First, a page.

Find the sum and difference between a pair of two-digit numbers. Now find the sum and difference between the sum and difference! What happens?

Mr McGregor has a magic potting shed. Overnight, the number of plants in it doubles. He'd like to put the same number of plants in each of three gardens, planting one garden each day. Can he do it?

Write the numbers up to 64 in an interesting way so that the shape they make at the end is interesting, different, more exciting ... than just a square.

This challenge focuses on finding the sum and difference of pairs of two-digit numbers.

Sweets are given out to party-goers in a particular way. Investigate the total number of sweets received by people sitting in different positions.

What can you say about these shapes? This problem challenges you to create shapes with different areas and perimeters.

This task follows on from Build it Up and takes the ideas into three dimensions!

First Connect Three game for an adult and child. Use the dice numbers and either addition or subtraction to get three numbers in a straight line.

This problem is based on the story of the Pied Piper of Hamelin. Investigate the different numbers of people and rats there could have been if you know how many legs there are altogether!

Tom and Ben visited Numberland. Use the maps to work out the number of points each of their routes scores.

Place six toy ladybirds into the box so that there are two ladybirds in every column and every row.

Can you find all the ways to get 15 at the top of this triangle of numbers?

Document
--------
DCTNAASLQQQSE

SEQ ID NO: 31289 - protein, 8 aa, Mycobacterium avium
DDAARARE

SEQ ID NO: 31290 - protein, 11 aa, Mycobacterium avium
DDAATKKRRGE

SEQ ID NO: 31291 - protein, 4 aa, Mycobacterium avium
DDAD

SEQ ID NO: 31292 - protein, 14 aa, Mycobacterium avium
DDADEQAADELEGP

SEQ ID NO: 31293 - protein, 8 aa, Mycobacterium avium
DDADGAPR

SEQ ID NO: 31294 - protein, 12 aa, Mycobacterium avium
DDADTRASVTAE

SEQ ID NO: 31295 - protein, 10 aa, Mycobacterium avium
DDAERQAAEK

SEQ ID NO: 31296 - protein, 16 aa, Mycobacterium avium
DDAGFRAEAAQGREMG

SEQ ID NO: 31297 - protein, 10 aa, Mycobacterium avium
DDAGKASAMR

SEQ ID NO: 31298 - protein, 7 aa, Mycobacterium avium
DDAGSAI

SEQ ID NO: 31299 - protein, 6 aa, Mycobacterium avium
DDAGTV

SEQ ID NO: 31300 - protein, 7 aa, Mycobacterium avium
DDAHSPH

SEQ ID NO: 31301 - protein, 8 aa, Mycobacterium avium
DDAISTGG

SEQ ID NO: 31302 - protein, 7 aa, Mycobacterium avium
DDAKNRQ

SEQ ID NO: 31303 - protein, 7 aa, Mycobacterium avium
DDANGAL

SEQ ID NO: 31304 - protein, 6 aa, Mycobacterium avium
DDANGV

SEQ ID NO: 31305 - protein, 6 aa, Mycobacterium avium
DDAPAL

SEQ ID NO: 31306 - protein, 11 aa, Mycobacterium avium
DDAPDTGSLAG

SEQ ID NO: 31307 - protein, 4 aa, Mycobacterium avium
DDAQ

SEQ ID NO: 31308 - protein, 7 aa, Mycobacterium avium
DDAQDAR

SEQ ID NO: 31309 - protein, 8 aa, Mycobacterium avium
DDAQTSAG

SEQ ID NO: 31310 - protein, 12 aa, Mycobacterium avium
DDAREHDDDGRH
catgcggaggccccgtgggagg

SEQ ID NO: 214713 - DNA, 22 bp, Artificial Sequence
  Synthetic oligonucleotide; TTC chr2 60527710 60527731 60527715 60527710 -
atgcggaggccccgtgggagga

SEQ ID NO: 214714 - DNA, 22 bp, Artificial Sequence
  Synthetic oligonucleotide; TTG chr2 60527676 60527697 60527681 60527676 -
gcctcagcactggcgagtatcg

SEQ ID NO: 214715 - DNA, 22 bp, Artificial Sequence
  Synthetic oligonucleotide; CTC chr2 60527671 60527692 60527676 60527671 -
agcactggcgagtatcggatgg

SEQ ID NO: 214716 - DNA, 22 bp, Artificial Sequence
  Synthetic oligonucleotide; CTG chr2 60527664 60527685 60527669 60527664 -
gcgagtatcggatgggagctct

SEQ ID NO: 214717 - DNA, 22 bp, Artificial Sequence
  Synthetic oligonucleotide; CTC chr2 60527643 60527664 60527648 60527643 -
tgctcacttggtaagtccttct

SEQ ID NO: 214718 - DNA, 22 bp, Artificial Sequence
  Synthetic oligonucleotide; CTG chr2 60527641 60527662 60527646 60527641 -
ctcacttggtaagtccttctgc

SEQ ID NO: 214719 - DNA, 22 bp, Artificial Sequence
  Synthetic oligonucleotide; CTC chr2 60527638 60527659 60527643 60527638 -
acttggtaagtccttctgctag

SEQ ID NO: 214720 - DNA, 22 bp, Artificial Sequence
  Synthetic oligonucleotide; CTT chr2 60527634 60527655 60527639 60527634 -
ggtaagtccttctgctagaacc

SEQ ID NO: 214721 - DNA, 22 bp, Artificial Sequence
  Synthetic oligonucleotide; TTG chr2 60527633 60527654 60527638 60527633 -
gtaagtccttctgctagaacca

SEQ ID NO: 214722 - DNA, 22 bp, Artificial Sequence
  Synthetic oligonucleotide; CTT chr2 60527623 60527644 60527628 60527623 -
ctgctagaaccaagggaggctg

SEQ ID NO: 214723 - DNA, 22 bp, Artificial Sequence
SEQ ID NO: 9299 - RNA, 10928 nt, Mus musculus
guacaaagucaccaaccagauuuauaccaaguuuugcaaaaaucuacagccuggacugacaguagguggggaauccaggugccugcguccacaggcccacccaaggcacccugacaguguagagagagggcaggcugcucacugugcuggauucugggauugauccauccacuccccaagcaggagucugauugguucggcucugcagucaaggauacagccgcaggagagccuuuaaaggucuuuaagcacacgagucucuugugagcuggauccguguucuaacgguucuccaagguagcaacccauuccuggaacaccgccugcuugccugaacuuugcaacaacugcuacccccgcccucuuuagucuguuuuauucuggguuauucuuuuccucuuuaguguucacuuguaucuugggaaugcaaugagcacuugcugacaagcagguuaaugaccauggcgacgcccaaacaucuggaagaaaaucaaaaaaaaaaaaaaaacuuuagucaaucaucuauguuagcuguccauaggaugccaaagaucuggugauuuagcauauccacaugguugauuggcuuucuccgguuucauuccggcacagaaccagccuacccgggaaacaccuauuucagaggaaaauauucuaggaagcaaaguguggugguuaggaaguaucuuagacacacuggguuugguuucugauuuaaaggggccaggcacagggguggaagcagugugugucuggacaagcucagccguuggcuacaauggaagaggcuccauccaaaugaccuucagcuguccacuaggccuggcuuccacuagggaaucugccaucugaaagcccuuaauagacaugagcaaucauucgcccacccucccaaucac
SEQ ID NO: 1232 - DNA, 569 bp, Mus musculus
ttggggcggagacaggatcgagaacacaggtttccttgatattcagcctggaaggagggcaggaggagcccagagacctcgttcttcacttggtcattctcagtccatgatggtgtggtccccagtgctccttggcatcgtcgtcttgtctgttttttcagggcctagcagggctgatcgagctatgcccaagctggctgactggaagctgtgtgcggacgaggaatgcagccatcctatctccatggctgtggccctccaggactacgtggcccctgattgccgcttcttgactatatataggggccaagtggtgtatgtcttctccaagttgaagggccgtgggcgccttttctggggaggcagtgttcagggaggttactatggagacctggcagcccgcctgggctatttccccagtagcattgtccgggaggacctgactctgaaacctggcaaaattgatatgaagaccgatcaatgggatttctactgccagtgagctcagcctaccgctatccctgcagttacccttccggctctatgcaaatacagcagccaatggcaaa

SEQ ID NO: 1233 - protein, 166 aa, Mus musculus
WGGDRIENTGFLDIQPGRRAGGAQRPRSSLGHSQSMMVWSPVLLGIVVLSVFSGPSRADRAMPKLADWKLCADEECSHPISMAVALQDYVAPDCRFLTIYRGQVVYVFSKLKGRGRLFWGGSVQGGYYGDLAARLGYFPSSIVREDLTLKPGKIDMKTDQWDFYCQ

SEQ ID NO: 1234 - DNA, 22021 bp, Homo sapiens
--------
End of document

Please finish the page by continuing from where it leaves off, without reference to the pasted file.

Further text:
This cube has ink on each face which leaves marks on paper as it is rolled. Can you work out what is on each face and the route it has taken?

Can you put the numbers 1 to 8 into the circles so that the four calculations are correct?

Find the product of the numbers on the routes from A to B. Which route has the smallest product? Which the largest?

There is a clock-face where the numbers have become all mixed up. Can you find out where all the numbers have got to from these ten statements?

Alice and Brian are snails who live on a wall and can only travel along the cracks. Alice wants to go to see Brian. How far is the shortest route along the cracks? Is there more than one way to go?

Ram divided 15 pennies among four small bags. He could then pay any sum of money from 1p to 15p without opening any bag. How many pennies did Ram put in each bag?

Different combinations of the weights available allow you to make different totals. Which totals can you make?

What do the digits in the number fifteen add up to? How many other numbers have digits with the same total but no zeros?

Roll two red dice and a green dice. Add the two numbers on the red dice and take away the number on the green. What are all the different possibilities that could come up?

My two digit number is special because adding the sum of its digits to the product of its digits gives me my original number. What could my number be?

Suppose we allow ourselves to use three numbers less than 10 and multiply them together. How many different products can you find? How do you know you've got them all?

Ten cards are put into five envelopes so that there are two cards in each envelope. The sum of the numbers inside it is written on each envelope. What numbers could be inside the envelopes?